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Joubert syndrome

Joubert syndrome is a rare genetic disorder that affects the area of the brain that controls balance and coordination. The disorder is characterized by absence or underdevelopment of a part of the brain called the cerebellar vermis and a malformed brain stem. The most common features include ataxia (lack of muscle control), an abnormal breathing pattern called hypernea, sleep apnea, abnormal eye and tongue movements, and hypotonia. Other malformations such as extra fingers and toes, cleft lip or palate, tongue abnormalities, and seizures may also occur. There may be mild or moderate retardation. more...

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Treatment for Joubert syndrome is symptomatic and supportive. Infant stimulation and physical, occupational, and speech therapy may benefit some patients. Infants with abnormal breathing patterns should be monitored.

The prognosis for individuals with Joubert syndrome varies. Some patients have a mild form with minimal motor disability and good mental development, while others may have severe motor disability and moderate mental retardation.

Two genes that are mutated in individuals with Joubert syndrome have been identified. Mutation in gene of unknown function called AHI1 is associated with the majority of Jourbert syndrome cases. In cases where an individual has Joubert syndrome with progressive kidney disease to a gene called NPHP1 is mutated in addition to AHI1.


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Motor ways: gene mutation impairs muscle coordination
From Science News, 9/18/04 by Diana Parsell

Individuals with a rare inherited disorder called Joubert syndrome are clumsy when they walk or use their hands, and they have irregular breathing and eye movements. Patients with severe symptoms tend to die young.

Scientists have now identified a gene that underlies Joubert syndrome. Christopher A. Walsh of Harvard University and his colleagues found that when the Abelson helper integration site gene (AHI1) on chromosome 6 is abnormal, it disrupts prenatal development of a brain region that controls coordinated movement of hands, feet, and other parts of the body. The finding appears in the September Nature Genetics.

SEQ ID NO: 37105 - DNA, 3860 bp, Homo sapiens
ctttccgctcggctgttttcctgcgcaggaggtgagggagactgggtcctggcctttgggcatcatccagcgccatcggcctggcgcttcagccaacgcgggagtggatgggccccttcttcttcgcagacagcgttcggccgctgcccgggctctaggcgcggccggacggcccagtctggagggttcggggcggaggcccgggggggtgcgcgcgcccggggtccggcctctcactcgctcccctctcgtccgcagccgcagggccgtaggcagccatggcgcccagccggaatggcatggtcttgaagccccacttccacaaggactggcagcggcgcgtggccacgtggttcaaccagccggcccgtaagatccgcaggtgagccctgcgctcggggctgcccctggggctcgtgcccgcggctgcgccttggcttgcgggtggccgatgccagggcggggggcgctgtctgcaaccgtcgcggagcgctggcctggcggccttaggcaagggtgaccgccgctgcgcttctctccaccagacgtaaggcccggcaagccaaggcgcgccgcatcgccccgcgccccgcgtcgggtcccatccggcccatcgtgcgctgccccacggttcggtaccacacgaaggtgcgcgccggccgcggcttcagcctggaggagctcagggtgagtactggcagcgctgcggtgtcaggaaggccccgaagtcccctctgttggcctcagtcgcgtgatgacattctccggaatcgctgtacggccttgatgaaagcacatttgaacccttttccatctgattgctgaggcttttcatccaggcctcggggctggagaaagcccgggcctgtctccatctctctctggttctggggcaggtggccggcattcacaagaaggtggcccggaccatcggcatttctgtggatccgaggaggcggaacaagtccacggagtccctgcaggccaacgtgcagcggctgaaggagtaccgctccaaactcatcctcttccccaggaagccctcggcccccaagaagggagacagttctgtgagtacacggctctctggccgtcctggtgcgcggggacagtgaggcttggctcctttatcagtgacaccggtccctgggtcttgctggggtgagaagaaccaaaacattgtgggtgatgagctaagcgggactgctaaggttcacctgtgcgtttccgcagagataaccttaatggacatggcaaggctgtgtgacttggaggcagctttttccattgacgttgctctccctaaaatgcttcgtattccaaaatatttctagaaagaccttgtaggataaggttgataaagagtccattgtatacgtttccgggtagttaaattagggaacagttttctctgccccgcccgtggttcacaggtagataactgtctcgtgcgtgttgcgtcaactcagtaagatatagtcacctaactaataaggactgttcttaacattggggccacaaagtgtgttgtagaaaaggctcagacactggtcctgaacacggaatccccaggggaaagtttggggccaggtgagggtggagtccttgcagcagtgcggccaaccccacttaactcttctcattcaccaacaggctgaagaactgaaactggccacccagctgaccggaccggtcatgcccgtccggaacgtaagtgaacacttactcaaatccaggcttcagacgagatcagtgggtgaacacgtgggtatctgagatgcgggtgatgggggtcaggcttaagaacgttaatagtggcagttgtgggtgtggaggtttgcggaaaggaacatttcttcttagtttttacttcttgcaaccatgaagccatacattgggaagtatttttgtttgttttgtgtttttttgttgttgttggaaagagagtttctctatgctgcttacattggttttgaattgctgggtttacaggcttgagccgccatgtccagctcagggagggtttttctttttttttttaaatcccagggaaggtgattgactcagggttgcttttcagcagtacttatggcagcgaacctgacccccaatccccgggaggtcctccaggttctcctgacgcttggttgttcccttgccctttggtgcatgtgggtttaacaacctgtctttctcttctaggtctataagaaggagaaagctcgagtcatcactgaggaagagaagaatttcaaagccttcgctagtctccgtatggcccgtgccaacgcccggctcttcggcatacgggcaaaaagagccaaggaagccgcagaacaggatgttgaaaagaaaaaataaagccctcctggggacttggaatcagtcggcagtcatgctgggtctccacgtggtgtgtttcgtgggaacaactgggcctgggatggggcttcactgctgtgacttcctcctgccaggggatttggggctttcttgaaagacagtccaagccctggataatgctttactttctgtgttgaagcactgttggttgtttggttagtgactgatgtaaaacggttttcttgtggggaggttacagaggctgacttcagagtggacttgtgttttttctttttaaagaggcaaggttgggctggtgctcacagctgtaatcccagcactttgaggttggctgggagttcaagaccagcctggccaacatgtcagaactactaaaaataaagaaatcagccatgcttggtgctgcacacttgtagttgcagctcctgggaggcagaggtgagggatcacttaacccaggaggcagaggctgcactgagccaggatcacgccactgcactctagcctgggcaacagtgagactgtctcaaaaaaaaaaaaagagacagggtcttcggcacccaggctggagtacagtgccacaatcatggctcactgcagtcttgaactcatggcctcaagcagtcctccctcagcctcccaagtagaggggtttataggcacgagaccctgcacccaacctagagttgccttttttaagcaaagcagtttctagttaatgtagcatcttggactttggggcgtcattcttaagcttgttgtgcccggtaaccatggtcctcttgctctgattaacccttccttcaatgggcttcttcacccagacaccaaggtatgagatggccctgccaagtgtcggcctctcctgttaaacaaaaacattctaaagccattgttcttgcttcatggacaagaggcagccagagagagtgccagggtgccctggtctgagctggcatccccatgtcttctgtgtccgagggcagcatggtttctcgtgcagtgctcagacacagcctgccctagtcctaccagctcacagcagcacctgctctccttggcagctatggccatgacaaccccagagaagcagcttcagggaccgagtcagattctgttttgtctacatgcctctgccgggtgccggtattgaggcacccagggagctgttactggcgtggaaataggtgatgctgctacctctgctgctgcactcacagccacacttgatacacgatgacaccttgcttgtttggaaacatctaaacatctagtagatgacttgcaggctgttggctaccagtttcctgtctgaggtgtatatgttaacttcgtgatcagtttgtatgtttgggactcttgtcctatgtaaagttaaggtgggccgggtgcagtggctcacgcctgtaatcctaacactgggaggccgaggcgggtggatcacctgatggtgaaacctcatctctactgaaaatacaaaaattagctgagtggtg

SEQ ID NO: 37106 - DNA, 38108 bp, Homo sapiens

First described 35 years ago, Joubert syndrome affects about 1 in 30,000 people. In 1997, medical experts discovered that patients with the disorder have tooth-shaped lesions in the cerebellum and brain stem. Now, the roots of the disorder are coming to light.

Walsh's team focused on six children with Joubert syndrome from five families in Saudi Arabia and Turkey. By analyzing DNA from these children and from symptom free family members and nonrelatives, the researchers tracked down atypical AHI1 genes in the affected children.

Other scientists had identified AHI1 earlier, but its function wasn't known. Walsh and his colleagues report that the protein encoded by AHI1 is critical to the biochemical process whereby certain nerve cells in the brain grow, branch out across the brain stem, and connect with neurons on the other side of the spinal cord.

When wired to the right partners, these neurons ensure proper muscle control and coordination, Walsh explains. If AHI1 is faulty, however, the neurons fail to cross the brain and instead connect with neurons on the same side. As a result, the feet or hands of Joubert syndrome patients tend to move in the same direction.

When Walsh's team compared the AHI1 of various mammals, it found substantial differences that pinpointed a portion of the gene as being "particularly dynamic evolutionarily." Walsh says the discovery of AHI1's function could increase scientists' understanding of how specific brain structures accommodate human motor skills. "We now know that this gene, which hadn't been suspected of having any role in the brain at all, is essential for so many wiring decisions that affect movement," he says.

Other genes may contribute to the disorder by disrupting brain development in different ways, Walsh notes. Indeed, several research teams are homing in on additional candidate genes, located on chromosomes 9 and 11.

Moreover, because symptoms vary widely, investigators suspect that additional genes play secondary roles in the disorder. Joubert syndrome sometimes includes mental retardation, autistic behavior, or kidney and liver problems. Melissa Parisi of the University of Washington in Seattle and her colleagues recently reported that a previously known gene deletion on chromosome 2 causes kidney failure in a subgroup of Joubert syndrome patients.

Parisi calls the finding by Walsh's group an "important discovery" and says that researchers hope many other findings about Joubert syndrome will soon be coming down the pipeline. Such findings, she notes, may lead to prenatal tests to reveal the disorder soon after conception and to better diagnosis and treatment.

COPYRIGHT 2004 Science Service, Inc.
COPYRIGHT 2004 Gale Group

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